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We live in a time of information abundance, which far too many of us see as information overload. With the sum total of human knowledge, past and present, at our fingertips, we’re faced with a crisis of attention: which ideas should we engage with, and why? Big Think is an evolving roadmap to the best thinking on the planet — the ideas that can help you think flexibly and act decisively in a multivariate world.

A word about Big Ideas and Themes — The architecture of Big Think

Big ideas are lenses for envisioning the future. Every article and video on bigthink.com and on our learning platforms is based on an emerging “big idea” that is significant, widely relevant, and actionable. We’re sifting the noise for the questions and insights that have the power to change all of our lives, for decades to come. For example, reverse-engineering is a big idea in that the concept is increasingly useful across multiple disciplines, from education to nanotechnology.

Themes are the seven broad umbrellas under which we organize the hundreds of big ideas that populate Big Think. They include New World Order, Earth and Beyond, 21st Century Living, Going Mental, Extreme Biology, Power and Influence, and Inventing the Future.

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Big Think’s contributors offer expert analysis of the big ideas behind the news.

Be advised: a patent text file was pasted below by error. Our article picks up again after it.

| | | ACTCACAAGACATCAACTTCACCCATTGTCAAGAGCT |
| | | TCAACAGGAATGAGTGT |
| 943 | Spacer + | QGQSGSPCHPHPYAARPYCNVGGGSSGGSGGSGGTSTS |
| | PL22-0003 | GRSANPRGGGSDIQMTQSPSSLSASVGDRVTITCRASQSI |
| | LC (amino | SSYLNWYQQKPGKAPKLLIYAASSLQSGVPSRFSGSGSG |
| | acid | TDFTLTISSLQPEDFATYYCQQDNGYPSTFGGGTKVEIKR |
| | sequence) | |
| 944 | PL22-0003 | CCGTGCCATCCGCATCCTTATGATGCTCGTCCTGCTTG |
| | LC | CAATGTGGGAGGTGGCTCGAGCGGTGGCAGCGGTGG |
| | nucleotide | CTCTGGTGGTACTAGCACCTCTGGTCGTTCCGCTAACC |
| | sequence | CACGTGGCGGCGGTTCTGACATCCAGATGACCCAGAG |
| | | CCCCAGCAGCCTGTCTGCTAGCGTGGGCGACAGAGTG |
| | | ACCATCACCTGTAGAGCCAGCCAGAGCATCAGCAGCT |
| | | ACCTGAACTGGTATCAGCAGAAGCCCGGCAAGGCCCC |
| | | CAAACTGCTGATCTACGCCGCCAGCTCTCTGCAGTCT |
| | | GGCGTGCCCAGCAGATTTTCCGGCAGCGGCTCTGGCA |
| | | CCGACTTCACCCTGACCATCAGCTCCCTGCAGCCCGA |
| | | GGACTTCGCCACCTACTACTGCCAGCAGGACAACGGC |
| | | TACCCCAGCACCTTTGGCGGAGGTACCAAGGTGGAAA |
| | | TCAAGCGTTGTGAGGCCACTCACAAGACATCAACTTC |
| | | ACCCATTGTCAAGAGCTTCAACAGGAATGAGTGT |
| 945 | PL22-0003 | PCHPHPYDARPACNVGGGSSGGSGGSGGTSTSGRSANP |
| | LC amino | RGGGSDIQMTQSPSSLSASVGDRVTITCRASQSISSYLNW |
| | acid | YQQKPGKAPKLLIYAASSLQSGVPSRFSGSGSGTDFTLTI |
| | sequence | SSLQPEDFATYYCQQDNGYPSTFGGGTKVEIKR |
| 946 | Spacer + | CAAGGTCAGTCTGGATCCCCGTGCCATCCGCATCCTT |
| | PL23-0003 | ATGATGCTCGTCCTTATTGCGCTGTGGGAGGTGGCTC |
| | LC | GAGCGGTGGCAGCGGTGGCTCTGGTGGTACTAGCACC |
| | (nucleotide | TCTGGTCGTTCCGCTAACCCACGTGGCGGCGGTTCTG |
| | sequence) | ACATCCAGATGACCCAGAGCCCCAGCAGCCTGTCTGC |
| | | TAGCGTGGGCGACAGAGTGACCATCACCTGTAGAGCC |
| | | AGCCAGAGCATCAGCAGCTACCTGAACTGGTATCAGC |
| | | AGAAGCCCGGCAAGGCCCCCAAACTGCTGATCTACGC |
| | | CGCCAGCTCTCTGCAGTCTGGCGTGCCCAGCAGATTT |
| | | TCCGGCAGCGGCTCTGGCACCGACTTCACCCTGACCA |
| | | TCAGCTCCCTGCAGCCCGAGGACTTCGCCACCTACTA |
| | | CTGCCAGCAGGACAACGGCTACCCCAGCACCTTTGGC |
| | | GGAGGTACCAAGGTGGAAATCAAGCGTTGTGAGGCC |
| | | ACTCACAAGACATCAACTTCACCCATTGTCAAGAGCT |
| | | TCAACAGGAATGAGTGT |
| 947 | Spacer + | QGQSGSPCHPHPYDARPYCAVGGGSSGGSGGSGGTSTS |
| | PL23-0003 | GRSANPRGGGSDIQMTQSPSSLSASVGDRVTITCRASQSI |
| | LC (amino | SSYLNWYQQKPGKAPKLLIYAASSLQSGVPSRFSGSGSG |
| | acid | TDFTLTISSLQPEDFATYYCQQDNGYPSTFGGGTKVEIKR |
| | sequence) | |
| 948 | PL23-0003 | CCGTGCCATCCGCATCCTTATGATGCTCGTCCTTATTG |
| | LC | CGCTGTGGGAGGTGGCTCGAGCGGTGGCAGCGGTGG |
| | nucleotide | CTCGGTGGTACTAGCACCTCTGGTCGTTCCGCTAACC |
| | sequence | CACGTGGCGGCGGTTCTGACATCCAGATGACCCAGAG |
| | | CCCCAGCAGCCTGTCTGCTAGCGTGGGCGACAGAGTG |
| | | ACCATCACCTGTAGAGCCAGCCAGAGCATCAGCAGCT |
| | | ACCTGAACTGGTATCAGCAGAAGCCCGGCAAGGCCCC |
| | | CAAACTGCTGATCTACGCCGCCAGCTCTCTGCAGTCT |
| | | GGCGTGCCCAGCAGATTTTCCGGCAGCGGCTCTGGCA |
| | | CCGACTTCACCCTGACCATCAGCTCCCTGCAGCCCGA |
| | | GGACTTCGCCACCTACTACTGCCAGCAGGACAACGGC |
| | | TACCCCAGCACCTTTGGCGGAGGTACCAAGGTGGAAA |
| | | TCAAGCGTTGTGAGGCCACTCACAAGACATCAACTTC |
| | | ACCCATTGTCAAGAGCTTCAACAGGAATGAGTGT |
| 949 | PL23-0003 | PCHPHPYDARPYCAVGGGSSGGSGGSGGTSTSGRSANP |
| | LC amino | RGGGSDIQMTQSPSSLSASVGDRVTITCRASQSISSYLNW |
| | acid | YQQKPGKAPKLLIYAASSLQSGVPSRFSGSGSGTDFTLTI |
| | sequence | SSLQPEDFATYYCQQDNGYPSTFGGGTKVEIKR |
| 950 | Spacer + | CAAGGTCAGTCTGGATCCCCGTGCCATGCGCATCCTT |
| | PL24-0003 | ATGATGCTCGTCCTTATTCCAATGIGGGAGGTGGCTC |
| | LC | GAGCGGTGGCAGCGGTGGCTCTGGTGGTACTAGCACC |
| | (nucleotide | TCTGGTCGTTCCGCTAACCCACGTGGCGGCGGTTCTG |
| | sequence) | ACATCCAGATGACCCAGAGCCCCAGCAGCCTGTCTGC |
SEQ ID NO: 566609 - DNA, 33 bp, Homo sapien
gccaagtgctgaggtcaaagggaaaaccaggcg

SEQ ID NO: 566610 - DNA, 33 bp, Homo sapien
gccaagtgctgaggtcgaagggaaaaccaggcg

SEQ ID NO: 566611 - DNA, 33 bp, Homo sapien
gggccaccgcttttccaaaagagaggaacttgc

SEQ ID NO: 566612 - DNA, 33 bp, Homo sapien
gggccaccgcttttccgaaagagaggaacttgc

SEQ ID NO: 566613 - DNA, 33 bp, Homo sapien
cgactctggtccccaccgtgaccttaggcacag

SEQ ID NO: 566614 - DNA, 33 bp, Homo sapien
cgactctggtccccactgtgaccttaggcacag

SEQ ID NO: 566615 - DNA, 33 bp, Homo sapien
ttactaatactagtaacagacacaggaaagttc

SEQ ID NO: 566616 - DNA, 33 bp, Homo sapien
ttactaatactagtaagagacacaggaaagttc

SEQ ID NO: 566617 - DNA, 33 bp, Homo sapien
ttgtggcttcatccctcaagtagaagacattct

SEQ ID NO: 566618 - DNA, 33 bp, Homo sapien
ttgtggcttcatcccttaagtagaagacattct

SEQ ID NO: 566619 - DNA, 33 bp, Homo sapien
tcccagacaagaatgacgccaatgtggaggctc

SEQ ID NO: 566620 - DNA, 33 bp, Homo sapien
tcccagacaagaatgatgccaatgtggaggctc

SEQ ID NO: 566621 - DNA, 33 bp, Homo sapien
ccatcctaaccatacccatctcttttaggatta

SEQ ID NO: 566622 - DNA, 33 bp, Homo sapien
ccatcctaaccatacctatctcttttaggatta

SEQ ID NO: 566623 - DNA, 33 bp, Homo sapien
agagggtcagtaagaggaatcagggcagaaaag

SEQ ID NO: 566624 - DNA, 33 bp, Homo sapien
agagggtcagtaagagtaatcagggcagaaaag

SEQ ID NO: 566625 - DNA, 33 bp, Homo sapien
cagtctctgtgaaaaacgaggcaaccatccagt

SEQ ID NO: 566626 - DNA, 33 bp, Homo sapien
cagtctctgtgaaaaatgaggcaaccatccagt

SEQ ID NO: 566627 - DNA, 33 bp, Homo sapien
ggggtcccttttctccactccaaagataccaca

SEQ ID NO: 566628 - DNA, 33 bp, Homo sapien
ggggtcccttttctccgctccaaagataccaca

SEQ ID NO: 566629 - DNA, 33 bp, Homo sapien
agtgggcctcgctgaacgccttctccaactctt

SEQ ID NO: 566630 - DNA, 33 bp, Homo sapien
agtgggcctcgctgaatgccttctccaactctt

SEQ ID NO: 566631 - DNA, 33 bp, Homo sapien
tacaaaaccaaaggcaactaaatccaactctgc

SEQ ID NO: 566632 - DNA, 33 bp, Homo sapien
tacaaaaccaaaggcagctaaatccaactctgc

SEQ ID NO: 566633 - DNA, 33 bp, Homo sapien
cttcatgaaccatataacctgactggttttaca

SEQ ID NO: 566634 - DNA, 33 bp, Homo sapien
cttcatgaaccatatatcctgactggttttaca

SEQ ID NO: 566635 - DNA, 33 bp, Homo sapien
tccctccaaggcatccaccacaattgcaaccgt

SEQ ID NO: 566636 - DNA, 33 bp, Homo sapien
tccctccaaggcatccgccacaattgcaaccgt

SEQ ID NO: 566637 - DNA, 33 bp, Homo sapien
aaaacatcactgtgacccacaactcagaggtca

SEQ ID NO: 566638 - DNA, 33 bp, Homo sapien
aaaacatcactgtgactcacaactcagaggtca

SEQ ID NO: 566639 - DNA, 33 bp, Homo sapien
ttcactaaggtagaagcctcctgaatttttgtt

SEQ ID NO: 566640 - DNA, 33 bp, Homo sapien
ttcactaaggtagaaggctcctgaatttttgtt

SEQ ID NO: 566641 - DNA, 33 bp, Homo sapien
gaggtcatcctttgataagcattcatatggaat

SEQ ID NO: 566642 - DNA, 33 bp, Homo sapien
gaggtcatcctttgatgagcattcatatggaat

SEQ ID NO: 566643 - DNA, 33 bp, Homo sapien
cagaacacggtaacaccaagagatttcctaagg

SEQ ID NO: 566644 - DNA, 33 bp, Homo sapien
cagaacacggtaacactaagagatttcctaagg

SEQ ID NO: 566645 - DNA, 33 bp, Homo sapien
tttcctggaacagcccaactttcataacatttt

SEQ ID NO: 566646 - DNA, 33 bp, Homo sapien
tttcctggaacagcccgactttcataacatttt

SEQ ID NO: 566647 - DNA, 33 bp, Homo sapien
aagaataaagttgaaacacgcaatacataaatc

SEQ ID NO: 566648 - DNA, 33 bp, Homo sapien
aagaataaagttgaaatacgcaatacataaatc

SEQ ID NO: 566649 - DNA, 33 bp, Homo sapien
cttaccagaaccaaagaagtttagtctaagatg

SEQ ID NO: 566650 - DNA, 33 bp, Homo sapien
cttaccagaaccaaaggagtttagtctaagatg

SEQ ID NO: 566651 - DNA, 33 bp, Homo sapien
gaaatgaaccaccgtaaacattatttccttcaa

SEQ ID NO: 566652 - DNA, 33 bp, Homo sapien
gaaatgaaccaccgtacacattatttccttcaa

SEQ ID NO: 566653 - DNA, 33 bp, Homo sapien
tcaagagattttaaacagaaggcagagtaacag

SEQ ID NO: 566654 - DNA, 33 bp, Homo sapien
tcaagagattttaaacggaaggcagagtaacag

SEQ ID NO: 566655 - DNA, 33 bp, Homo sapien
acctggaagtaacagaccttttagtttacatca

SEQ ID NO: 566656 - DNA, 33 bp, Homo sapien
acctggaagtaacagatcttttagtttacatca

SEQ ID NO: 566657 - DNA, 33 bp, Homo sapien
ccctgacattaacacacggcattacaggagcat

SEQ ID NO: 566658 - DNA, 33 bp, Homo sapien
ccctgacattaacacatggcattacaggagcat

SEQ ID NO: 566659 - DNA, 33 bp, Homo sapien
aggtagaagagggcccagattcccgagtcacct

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MIT & Harvard Begin the Education Revolution

May 3, 2012, 12:44 PM
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What's the Latest Development?

In a new venture called edX, MIT and Harvard University are set to offer interactive courses to anyone in the world with an Internet connection, regardless of age, background or financial resources. Despite the courses' relatively challenging subject matter, access to the classes have already been met with high demand, said Anant Agarwal, who is currently teaching the pilot course of MIT’s online-education program. Agarwal's course on circuits and electronics has attracted more than 120,000 registrants, which is more than all of MIT's living alumni combined. 

What's the Big Idea?

Besides its primary goal of making higher education available to the entire planet, edX courses provide an opportunity to examine fundamental questions about how we learn. The venture will gather data on "how long students spend on each lesson segment, which parts they need to repeat, and which problems they struggle with." Michael D. Smith, dean of Harvard’s Faculty of Arts and Sciences, said: "We’re a research institution, and we’re interested in the power of technology in education. [A key goal of edX] is researching how technology can improve education, both on campus and off campus."

Photo credit: Shutterstock.com


 

MIT & Harvard Begin the Edu...

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